The Marlins announced the acquisition of first baseman Josh Bell from the Guardians. Cleveland agreed to take on the contract of infielder Jean Segura — whom they intend to release — while acquiring infield prospect Kahlil Watson.
It’s an out-of-the-blue swap that continues a surprisingly active day for the Marlins. Miami shipped out pitching prospect Jake Eder to install Jake Burger at the hot corner. That apparently set the stage for them to move on from Segura, whose two-year free agent contract didn’t work at all as the club had envisioned.
That was a means of adding offense at one corner infield spot. They’ll hope for the same across the diamond, as they swapped in Bell for Garrett Cooper. Miami dealt their incumbent first baseman to the Padres for starting pitcher Ryan Weathers.
The series of moves results in a buy-low flier on Bell. As with Segura, he signed an ill-fated two-year free agent deal last offseason. The Guardians guaranteed the switch-hitter a two-year, $33MM pact. He can opt out of the deal at the end of the first season. It’s all but a given he’ll elect to play out the contract given the way in which his time in Cleveland transpired.
Bell is hitting .233/.318/.383 over 393 trips to the plate. His 10.9% walk percentage and 20.6% strikeout rate are both solid, but his batted ball results are middling. Bell has managed just 11 home runs and a .272 batting average on balls in play. As has been an issue throughout his career, he’s had a tough time elevating the ball. Bell is putting the ball on the ground at a lofty 48.5% clip, an obviously suboptimal number for a player whose game is built around power.
Still, the high grounder tallies are nothing new. He’s had plenty of success in spite of a propensity for low-angle contact. He combined for a .264/.355/.448 line in more than 1200 plate appearances between 2021-22. At his best, he’s a middle-of-the-order caliber bat. Miami will obviously hope for a return to form in a new environment.
Miami general manager Kim Ng and her staff clearly believe there’s more untapped potential remaining for Bell than with Segura. The Fish had signed the longtime second baseman to a two-year, $17MM pact with a plan to bump him to third base. It was a risk defensively that hasn’t paid off, as the veteran received well below-average marks for his 720 1/3 innings at the hot corner.
More concerning, Segura didn’t bring anything approaching his previous offensive form. He’s long been a slightly above-average hitter, combining double-digit homer power with excellent contact skills. This was his worst offensive season, however, as he managed only a .219/.277/.279 showing through 326 plate appearances as a Marlin.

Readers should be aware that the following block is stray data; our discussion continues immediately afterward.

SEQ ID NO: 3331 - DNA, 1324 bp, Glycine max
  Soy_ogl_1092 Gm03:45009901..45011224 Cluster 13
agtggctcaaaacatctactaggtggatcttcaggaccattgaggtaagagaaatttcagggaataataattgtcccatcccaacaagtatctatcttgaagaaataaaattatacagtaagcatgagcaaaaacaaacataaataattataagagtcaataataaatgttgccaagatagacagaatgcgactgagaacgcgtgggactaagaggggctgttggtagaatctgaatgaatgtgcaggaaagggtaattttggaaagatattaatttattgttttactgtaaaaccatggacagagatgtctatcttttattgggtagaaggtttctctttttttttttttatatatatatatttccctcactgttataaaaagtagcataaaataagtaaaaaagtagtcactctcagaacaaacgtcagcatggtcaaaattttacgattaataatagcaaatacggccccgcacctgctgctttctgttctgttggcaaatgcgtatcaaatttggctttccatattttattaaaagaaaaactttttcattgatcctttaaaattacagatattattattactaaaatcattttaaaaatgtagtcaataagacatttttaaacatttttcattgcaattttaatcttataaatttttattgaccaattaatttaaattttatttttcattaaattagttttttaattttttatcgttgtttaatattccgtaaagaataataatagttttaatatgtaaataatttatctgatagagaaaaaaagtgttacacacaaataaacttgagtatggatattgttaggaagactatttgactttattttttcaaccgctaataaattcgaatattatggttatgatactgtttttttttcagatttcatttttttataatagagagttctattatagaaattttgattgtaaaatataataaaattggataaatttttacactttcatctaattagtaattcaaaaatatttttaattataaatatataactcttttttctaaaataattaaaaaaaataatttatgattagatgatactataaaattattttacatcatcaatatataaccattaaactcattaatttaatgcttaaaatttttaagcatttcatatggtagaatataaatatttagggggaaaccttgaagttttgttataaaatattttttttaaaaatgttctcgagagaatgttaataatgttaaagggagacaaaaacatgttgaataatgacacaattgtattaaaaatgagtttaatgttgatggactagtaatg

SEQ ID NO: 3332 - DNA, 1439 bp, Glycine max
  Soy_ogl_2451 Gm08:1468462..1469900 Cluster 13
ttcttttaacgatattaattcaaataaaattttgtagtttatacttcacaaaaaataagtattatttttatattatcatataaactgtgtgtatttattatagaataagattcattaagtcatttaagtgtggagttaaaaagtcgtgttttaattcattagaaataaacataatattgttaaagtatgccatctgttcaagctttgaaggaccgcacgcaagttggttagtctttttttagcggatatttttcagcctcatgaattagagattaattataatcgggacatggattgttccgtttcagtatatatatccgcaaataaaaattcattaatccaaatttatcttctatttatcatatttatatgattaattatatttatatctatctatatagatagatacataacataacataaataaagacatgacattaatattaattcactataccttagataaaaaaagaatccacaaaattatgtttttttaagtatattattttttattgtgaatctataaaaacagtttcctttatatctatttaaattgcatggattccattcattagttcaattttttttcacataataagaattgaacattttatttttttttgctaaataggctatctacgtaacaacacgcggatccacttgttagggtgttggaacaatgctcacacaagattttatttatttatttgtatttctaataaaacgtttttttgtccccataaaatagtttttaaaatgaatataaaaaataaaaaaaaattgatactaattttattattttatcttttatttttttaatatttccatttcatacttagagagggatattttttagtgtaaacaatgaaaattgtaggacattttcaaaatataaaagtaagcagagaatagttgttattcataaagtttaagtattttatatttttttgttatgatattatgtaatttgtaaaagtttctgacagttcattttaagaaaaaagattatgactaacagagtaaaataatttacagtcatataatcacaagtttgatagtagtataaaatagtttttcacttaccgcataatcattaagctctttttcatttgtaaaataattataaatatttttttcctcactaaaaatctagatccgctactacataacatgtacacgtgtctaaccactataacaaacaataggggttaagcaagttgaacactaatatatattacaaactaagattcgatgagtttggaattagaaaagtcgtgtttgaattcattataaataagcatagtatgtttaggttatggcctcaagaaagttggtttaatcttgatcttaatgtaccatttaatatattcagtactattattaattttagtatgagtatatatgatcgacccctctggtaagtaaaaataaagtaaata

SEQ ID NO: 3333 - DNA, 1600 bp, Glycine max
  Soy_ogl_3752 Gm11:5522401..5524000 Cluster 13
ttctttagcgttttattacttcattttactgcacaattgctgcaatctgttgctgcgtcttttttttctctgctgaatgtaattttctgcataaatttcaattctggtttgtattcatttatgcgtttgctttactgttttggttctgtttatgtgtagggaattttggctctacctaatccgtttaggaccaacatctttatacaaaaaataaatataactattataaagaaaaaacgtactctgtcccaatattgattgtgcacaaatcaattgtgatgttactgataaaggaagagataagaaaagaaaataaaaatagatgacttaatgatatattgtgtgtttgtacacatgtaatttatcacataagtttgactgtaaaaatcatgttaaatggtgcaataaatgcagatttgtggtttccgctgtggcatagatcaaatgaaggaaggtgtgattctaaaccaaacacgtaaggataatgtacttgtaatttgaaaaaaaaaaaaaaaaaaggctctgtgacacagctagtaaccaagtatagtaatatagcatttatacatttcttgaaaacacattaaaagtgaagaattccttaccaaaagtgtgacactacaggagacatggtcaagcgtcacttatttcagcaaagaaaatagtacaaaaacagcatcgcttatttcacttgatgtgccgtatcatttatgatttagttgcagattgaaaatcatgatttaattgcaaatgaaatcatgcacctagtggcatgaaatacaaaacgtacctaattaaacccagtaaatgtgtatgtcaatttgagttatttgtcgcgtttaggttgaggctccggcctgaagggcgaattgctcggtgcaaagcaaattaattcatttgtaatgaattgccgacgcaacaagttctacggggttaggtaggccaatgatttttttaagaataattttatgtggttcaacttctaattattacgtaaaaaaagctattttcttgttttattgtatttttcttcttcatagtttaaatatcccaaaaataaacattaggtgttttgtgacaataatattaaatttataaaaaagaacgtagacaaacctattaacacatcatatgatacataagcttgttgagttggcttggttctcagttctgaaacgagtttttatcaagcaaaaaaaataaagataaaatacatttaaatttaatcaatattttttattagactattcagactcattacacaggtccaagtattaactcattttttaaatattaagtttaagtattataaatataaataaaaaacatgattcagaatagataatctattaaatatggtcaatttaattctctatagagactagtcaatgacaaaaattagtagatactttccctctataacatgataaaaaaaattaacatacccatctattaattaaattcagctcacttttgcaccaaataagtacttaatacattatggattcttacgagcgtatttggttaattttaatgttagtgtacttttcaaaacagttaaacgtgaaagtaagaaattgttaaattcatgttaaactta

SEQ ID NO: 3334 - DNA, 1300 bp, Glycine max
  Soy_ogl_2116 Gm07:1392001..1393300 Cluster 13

Segura’s underlying offensive marks aren’t that far off those of previous seasons. His 38.8% hard contact rate is a near match for last year’s mark. That’s also true of his 6.7% walk percentage and 14.4% strikeout rate. Segura’s results simply weren’t up to par and the Fish elected to move on.
Given that Cleveland is immediately releasing Segura, his inclusion in the trade is strictly a financial measure. Bell is making $16.5MM this season and next. Segura is making $6.5MM this year and $8.5MM next season, as well as a $2MM buyout on a 2025 option. Bell is owed roughly $5.41MM through season’s end; Segura will make $2.13MM down the stretch. Miami takes on roughly $3.28MM this year and $6MM beyond this season to upgrade from Segura to Bell.
Segura will go unclaimed on release waivers in the next couple days. The Guardians will pay out almost all of his remaining contract. Once he clears waivers and becomes a free agent, Segura will be free to choose his next employer. That signing team would only pay him the prorated portion of the league minimum for whatever time he spends on a big league roster over the next season and a half.
In addition to the financial relief, the Guardians are buying low on a one-time top prospect. Watson, a 20-year-old infielder, was the 16th overall pick in the 2021 draft. The high school product was widely regarded as a top five to ten player in the class on talent, only dropping to the middle of the first round because of a lofty bonus demand.
His first two full seasons in pro ball haven’t gone as anticipated. Watson struck out in nearly 36% of his plate appearances in Low-A a year ago, hitting .231/.296/.395 over 83 games. He also missed some time last season on a team-imposed disciplinary absence after a confrontation with an umpire, as Eric Longenhagen of FanGraphs wrote in his write-up of Miami’s farm system.
Watson still ranked in the upper third of the Marlins’ top 30 prospects at both FanGraphs and Baseball America, though he’s no longer seen as a top 100 talent around the league. He’s hitting .206/.337/.362 over 243 trips to the plate in High-A this year. He’s connected on seven homers, walked at an elite 14.4% clip and stolen 14 bases. Yet he’s still striking out an alarming rate — 28% of the time. There’s clearly plenty of variability in Watson’s profile, but he has huge bat speed and the chance to stick at a middle infield position. It’s an upside play for Cleveland at a much lower cost than would’ve been required to pry him away 12 to 18 months ago.
Craig Mish of SportsGrid first reported the Marlins were acquiring Bell. Jeff Passan of ESPN reported the Guardians were receiving Segura and Watson. Zack Meisel of the Athletic reported the Guardians planned to release Segura.
Images courtesy of USA Today Sports.